Archive for the ‘HISTORY’ Category

 Lincoln's Cottage sits on one of the highest points in DC. Copyright (C) National Trust for Historic Preservation.

Lincoln’s Cottage sits on one of the highest points in D.C. Copyright National Trust for Historic Preservation.

Tucked away among the 276 acres of the U.S. Soldiers’ and Airmen’s Home property in Washington, D.C., is a modest gothic revival home where Abraham Lincoln and his family went to escape the city’s oppressive summer heat.

President Lincoln's Cottage. Copyright © National Trust for Historic Preservation.

President Lincoln’s Cottage. Copyright National Trust for Historic Preservation.

It was here that Lincoln wrote the Emancipation Proclamation, and it was here that he was sometimes seen walking the grounds at night, wrestling with the country’s most difficult problems in the years before the Civil War.

Paths away from the cottage thread through the grounds of the Armed Forces Retirement Home. Copyright© National Trust for Historic Preservation.

Paths away from the cottage thread through the grounds of the Armed Forces Retirement Home. Copyright National Trust for Historic Preservation.

The site, now known as President Lincoln’s Cottage, is managed by the National Trust for Historic Preservation. It’s important for its associations with Lincoln, but also for its significance as a walking landscape, one that witnessed and perhaps nurtured some of our most enduring ideas of what it means to be American.

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Rich Haag with a clump of Equisetum, one of his favorite plants. Photo: Daniel Jost.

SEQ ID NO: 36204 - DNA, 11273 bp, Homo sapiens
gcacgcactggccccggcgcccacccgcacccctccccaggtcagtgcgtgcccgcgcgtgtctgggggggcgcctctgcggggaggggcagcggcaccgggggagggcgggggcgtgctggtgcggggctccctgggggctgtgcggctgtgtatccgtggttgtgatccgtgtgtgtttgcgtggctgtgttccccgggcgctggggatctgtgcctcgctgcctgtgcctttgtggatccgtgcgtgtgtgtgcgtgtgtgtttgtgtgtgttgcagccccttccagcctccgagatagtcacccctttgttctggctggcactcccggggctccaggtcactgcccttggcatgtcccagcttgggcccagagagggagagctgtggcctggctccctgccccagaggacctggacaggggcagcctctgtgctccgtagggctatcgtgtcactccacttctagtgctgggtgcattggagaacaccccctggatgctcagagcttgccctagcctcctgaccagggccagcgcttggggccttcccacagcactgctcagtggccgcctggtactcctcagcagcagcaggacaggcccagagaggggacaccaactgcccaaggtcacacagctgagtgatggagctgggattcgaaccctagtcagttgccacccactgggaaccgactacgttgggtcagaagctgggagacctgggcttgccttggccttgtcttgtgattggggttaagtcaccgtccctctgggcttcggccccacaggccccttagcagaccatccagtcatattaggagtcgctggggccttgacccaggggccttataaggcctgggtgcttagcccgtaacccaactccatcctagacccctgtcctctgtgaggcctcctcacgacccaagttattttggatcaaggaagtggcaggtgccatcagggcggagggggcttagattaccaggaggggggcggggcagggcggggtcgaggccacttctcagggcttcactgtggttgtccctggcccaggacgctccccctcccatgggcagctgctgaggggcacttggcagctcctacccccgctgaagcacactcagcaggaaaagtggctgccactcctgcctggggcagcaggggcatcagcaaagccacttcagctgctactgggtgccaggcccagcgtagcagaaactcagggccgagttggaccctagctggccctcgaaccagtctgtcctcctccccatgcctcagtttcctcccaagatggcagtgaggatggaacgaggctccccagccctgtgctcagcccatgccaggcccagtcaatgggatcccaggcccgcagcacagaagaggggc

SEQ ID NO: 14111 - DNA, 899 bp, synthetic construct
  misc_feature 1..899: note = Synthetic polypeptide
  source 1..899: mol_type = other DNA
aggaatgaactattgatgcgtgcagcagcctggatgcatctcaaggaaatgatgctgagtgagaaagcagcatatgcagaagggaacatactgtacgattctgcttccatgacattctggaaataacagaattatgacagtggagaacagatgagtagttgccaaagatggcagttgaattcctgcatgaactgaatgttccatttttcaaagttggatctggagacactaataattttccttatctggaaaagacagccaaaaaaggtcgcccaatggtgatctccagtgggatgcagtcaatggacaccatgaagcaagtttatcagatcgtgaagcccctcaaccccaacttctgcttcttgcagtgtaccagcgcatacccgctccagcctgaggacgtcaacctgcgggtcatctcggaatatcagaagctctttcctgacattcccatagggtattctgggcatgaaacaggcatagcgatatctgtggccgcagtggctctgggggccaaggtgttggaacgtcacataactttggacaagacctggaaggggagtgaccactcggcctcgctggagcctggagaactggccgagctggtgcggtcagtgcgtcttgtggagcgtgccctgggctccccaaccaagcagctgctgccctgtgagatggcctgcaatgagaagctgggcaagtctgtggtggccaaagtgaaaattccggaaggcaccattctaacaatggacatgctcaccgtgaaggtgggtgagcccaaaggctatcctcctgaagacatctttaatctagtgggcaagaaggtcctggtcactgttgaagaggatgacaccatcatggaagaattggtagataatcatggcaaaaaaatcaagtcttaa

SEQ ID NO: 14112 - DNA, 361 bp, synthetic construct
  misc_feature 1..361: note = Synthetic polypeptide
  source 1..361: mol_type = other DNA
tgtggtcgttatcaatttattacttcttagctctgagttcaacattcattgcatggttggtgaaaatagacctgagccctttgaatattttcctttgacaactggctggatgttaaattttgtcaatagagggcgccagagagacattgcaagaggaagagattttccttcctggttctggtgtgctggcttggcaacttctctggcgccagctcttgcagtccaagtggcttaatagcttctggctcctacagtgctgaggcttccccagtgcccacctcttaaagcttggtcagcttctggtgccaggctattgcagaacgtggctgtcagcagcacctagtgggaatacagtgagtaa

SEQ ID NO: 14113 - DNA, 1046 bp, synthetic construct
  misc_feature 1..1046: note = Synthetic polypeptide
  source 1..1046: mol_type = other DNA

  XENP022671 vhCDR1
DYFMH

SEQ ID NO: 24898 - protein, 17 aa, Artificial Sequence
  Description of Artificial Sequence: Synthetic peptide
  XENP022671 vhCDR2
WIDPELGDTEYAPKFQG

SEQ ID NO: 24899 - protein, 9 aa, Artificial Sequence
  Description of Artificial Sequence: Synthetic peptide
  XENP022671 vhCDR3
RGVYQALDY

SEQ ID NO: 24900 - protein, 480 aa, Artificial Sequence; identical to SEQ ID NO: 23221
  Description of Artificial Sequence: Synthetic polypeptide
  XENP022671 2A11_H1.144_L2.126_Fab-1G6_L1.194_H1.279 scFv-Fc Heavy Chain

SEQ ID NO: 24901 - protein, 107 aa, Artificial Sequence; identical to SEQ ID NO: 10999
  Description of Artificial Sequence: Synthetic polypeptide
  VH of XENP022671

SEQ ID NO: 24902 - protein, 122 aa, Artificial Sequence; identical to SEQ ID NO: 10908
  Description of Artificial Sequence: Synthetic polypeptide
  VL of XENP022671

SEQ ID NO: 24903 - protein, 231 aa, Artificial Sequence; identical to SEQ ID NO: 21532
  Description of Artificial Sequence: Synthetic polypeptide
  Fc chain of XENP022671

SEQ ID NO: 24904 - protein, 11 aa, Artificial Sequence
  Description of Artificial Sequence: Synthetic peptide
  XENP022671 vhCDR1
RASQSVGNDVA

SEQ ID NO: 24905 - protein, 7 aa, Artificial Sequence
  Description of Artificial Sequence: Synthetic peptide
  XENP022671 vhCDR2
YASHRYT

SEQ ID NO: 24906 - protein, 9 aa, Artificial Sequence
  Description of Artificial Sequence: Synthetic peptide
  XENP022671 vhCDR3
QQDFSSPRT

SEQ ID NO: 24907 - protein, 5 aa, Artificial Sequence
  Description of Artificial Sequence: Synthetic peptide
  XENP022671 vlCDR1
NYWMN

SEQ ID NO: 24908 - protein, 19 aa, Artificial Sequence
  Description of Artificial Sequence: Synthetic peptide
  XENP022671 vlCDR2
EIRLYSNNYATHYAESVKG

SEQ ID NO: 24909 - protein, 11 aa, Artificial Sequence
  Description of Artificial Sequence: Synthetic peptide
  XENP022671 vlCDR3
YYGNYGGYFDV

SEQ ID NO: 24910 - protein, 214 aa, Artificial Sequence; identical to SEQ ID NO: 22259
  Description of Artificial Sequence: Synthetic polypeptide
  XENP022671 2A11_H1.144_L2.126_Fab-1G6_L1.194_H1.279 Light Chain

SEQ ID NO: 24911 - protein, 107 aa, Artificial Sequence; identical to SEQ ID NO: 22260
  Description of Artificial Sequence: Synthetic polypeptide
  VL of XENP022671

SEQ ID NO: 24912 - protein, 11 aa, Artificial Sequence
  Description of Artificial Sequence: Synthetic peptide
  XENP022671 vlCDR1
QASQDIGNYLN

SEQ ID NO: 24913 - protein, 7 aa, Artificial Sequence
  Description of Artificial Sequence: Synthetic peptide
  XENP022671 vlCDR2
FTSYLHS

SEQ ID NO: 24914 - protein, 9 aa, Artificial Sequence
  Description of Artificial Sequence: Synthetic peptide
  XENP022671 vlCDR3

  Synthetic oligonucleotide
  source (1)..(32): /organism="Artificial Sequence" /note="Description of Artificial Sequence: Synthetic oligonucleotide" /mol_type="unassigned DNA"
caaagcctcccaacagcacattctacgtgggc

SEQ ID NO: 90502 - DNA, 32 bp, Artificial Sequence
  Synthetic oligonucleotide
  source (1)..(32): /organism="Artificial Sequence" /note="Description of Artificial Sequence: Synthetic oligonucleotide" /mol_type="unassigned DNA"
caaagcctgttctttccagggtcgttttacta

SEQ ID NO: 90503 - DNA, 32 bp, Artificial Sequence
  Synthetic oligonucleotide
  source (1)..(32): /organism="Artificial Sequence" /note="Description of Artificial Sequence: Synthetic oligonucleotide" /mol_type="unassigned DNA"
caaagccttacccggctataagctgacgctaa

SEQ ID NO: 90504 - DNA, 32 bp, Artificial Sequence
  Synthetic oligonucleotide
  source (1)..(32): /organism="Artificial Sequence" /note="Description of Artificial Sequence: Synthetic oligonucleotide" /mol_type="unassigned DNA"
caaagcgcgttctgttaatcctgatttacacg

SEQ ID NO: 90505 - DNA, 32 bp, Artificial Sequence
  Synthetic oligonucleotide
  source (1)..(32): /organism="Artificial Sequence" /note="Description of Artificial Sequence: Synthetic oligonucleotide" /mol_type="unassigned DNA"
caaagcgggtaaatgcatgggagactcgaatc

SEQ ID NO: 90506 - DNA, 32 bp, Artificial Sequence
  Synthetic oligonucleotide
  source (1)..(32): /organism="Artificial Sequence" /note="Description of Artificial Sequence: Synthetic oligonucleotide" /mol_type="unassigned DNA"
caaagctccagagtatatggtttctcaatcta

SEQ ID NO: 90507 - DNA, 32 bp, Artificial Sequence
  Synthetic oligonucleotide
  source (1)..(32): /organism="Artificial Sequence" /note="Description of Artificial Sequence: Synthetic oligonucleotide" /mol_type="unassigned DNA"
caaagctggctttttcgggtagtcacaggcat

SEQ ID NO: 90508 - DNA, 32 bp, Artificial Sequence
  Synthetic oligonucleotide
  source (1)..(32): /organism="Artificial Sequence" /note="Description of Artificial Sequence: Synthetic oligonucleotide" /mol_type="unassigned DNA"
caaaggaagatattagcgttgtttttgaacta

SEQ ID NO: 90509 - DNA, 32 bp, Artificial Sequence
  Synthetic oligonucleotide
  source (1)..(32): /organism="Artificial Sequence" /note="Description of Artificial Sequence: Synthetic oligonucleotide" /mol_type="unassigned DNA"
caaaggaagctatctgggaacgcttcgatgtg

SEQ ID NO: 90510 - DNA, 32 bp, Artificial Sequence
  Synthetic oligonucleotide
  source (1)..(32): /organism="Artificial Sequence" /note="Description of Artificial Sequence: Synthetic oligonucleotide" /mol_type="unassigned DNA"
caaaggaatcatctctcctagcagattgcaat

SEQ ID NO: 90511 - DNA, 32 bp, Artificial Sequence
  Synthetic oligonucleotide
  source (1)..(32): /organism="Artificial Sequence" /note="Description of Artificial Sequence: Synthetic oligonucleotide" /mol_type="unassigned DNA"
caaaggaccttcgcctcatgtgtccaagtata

Rich Haag with a clump of Equisetum, one of his favorite plants. Photo: Daniel Jost.

On a recent tour of the Bloedel Reserve on Bainbridge Island, Washington, Richard Haag, FASLA, told a group of us, students from the University of Washington, two stories about the demise of the Garden of Planes. The garden was the first stop in the famous sequence of spaces that Haag designed at the reserve, and it was erased a few years after it was completed.

One story involves a fox. “A fox used to have a den there,” Haag explained as we passed by a giant stump that, ironically, Haag preserved for its habitat value. “And every morning, the fox would come out and leave his morning offering right on top of the gravel pyramid,” at the center of the Garden of Planes, he said. “That’s one of the reasons they got rid of it.”


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A monthly roundup of the news, dispatches, and marginalia that caught our eye.

In this dispatch of the Queue, the staff reads up on the latest on the troubled National Flood Insurance Program, considers the legacy of Bunny Mellon, and indulges in a little nostalgia.



    • Slate (via Climate Desk) has an article on “Flood Zone Foolishness,” detailing how the very states most at risk are blocking reforms to the National Flood Insurance Program. In the November 2013 issue, we ran an interview with the project lead on the plan that recommended changes to the program (“The Risk Picture”) and the likely uptick in consumer premiums.